Before 9/11, neoconservatives in the administration were without tools to increase public and political support for the war on Iraq, hence the failure to implement the Wolfowitz Doctrine. HC contends that it was the manipulation of the public’s fear of further terrorist attacks that sold the invasion of Iraq and consequently a realized American empire. The administration increased Americans’ fear by constant, vague terror warnings while labeling the War on Terror as an epic battle between good and evil. Normon Solomon trenchantly points out that instead of proclaiming that the "only thing we have to fear is fear itself," the administration and neoconservatives stressed the doctrine that "the only thing we have to fear is not enough fear."

In order to firmly convince Americans of the urgent need to invade Iraq, the neocons claimed that America needed "access to valuable resources" or "a military footprint in the Middle East that will increase American influence in that volatile region." Instead, the administration sold the war as a defensive measure to thwart imminent attacks by WMDs and al-Qaeda/Saddam alliances. The film highlights the inconsistencies in this rhetoric and juxtaposes it with current administration statements claiming ignorance of such rationalizations. Any viewer who thought that the Iraq war was a last resort and an integral part of the war on terror will leave this film feeling duped.

The film temporarily strays from its focus when it addresses the question: "Why Iraq?" Some of those interviewed give blanket statements such as "It was all about oil" and "It was all about Empire." In the end, however, I was impressed by the variety of opinions expressed. The film’s approach correctly assumes that the war on Iraq cannot be explained away with one simple statement. Rather, internal ideological disputes between neoconservatives, political maneuvering and expediency led to a compromised march to war, one that initially appealed to the UN and spent months on a PR campaign with the American public. While one interviewee made the aforementioned blanket statements, another countered, "Oil is not a sufficient explanation." Such an approach is respectable and convincing. In the end, the viewer understands what the war in Iraq was not about: liberation, democracy, freedom or the War on Terror. The major motivations include the perceived need for a friendly regime in Iraq, a military footprint in the Middle East, easier access to resources, intimidation of America’s (more specifically, the government’s) enemies and an expanded American empire.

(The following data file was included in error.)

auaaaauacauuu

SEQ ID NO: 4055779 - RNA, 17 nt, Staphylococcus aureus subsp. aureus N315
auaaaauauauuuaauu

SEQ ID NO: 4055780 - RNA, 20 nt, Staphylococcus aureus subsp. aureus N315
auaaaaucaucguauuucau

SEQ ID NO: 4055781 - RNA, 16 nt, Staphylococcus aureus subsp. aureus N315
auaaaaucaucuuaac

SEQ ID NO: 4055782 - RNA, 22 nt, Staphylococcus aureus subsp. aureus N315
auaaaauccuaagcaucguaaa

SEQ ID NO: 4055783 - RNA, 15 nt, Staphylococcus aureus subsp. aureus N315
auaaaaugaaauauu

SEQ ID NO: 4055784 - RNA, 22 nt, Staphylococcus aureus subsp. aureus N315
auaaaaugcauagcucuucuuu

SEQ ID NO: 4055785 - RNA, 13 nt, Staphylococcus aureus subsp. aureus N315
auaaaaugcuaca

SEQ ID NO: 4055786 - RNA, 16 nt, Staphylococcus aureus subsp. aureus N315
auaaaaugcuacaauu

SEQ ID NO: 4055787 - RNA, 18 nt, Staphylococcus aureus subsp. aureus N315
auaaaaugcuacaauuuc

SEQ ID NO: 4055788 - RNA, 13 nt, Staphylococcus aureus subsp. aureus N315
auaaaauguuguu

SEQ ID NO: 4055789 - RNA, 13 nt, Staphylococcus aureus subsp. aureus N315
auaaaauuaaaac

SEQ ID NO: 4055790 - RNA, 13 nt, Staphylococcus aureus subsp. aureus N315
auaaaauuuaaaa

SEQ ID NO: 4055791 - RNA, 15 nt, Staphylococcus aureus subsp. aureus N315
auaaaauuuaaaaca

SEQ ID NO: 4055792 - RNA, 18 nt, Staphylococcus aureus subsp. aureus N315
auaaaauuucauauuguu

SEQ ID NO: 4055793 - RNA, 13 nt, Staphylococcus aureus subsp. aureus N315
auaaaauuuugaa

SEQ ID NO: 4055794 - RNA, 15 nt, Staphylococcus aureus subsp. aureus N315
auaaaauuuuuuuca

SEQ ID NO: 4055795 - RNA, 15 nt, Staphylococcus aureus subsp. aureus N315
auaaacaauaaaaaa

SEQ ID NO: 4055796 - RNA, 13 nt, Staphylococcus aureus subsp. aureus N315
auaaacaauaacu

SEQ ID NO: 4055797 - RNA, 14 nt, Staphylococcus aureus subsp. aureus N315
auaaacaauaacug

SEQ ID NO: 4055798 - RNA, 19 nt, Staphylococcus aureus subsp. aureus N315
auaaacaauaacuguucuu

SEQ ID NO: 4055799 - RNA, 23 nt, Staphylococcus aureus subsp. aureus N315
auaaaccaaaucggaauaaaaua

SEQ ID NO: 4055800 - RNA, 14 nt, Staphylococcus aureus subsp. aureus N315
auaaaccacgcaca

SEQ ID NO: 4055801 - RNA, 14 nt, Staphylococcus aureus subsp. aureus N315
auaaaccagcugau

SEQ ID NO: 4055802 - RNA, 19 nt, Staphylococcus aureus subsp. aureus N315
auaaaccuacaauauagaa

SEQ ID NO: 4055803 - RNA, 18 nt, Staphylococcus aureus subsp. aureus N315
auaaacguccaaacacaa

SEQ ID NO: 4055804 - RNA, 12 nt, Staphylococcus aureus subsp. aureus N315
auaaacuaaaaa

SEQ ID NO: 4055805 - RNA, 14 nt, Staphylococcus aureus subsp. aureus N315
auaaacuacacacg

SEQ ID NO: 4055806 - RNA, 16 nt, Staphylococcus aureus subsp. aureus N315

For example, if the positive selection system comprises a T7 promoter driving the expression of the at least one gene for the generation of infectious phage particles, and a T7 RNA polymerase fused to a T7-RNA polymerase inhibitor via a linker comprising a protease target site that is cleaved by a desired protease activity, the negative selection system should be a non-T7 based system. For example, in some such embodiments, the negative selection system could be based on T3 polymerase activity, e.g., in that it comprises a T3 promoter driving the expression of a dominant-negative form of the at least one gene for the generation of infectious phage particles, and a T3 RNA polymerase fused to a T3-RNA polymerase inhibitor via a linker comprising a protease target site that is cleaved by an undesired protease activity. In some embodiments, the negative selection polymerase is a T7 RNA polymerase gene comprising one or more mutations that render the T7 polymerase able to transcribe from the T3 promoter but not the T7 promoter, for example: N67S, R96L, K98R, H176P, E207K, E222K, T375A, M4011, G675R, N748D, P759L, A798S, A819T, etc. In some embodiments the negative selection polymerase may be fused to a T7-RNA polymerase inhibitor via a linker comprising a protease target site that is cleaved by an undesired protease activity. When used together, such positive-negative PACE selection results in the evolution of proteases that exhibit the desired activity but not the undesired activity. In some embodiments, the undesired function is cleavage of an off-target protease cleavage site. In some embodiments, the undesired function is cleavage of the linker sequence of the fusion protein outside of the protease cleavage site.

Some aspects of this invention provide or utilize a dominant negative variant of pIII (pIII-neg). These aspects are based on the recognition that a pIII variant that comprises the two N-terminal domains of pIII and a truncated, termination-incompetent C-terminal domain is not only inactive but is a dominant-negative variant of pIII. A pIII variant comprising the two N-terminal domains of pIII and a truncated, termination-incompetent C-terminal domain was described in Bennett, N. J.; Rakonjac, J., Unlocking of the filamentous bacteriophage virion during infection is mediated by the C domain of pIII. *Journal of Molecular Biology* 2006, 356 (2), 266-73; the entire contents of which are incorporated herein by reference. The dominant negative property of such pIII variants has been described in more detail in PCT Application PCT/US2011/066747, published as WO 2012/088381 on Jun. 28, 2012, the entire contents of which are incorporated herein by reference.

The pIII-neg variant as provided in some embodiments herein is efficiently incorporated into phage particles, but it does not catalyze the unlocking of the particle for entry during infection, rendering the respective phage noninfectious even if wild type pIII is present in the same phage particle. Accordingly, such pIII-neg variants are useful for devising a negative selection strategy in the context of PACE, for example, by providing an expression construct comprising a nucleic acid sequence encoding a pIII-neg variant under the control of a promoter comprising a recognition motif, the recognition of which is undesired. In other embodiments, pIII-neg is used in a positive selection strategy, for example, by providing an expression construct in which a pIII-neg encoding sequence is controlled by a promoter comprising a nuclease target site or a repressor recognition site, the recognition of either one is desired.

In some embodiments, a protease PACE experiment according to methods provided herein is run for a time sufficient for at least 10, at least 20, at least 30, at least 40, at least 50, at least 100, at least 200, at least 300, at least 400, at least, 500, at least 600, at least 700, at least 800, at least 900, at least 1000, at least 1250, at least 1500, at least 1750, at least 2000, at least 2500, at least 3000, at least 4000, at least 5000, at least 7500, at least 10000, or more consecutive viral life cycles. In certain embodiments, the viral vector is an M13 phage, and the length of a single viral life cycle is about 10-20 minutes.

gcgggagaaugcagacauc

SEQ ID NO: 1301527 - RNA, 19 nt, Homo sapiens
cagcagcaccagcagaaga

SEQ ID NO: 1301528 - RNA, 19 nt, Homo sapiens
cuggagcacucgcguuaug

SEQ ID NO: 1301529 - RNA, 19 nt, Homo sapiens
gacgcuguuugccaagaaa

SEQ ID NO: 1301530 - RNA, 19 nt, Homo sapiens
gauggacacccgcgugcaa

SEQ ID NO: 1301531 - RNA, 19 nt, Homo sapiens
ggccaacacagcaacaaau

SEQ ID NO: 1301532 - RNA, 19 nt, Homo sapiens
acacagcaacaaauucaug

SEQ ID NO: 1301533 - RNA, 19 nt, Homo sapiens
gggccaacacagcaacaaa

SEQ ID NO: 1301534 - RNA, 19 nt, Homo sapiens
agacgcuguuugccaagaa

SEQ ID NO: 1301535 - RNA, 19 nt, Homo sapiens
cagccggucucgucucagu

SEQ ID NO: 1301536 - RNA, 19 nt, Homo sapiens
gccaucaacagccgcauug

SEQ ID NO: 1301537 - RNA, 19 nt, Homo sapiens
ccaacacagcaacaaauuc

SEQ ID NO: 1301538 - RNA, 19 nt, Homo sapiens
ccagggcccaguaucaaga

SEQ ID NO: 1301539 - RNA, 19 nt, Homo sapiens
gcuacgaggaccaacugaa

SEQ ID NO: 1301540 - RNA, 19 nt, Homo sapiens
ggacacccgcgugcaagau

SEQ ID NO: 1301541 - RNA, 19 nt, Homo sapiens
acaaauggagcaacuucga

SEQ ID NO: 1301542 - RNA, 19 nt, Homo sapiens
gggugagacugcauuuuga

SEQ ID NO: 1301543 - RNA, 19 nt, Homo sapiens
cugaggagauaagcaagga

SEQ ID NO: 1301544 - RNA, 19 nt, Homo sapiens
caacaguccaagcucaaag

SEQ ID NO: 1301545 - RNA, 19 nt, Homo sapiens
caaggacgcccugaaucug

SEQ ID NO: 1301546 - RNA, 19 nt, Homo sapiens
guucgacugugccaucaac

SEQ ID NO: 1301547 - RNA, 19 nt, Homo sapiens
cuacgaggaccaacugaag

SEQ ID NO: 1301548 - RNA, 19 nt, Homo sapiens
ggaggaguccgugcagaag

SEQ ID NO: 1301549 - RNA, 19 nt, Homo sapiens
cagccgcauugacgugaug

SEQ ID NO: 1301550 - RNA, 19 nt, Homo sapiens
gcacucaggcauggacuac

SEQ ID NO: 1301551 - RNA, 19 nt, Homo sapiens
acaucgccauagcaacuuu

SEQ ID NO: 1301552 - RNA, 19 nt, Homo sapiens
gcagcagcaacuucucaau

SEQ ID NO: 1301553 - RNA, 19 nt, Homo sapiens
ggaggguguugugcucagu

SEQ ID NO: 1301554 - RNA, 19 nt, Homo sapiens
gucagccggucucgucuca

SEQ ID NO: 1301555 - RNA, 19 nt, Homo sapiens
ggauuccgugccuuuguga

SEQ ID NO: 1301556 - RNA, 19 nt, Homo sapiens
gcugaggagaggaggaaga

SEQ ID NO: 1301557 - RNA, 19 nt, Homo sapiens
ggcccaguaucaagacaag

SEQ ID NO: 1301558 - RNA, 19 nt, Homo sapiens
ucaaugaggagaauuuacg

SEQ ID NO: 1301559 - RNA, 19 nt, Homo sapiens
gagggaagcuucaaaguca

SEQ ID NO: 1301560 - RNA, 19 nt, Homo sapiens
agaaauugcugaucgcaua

The skeptical viewer may ask near the end of the film: What about Kosovo? Somalia? What about every other military intervention in the name of "humanity" or "democracy"? Is this intervention, though grander in scale, any different? Antiwar.com has consistently maintained that each war is always sold as something it isn’t by similarly exploiting fear, morality or patriotism. It is interesting to think where these documentaries were during those similarly damaging wars. Hijacking Catastrophe also has one glaring omission: Israel. Perhaps for fear of condemnation, HC disregards the myriad connections between the neocons and American support of Israel.

Overall, Hijacking Catastrophe is a must-see film for anyone searching for an objective and convincing analysis of the ideological and political underpinnings of the war on Iraq devoid of the emotion and partisan baggage that saturates the debate.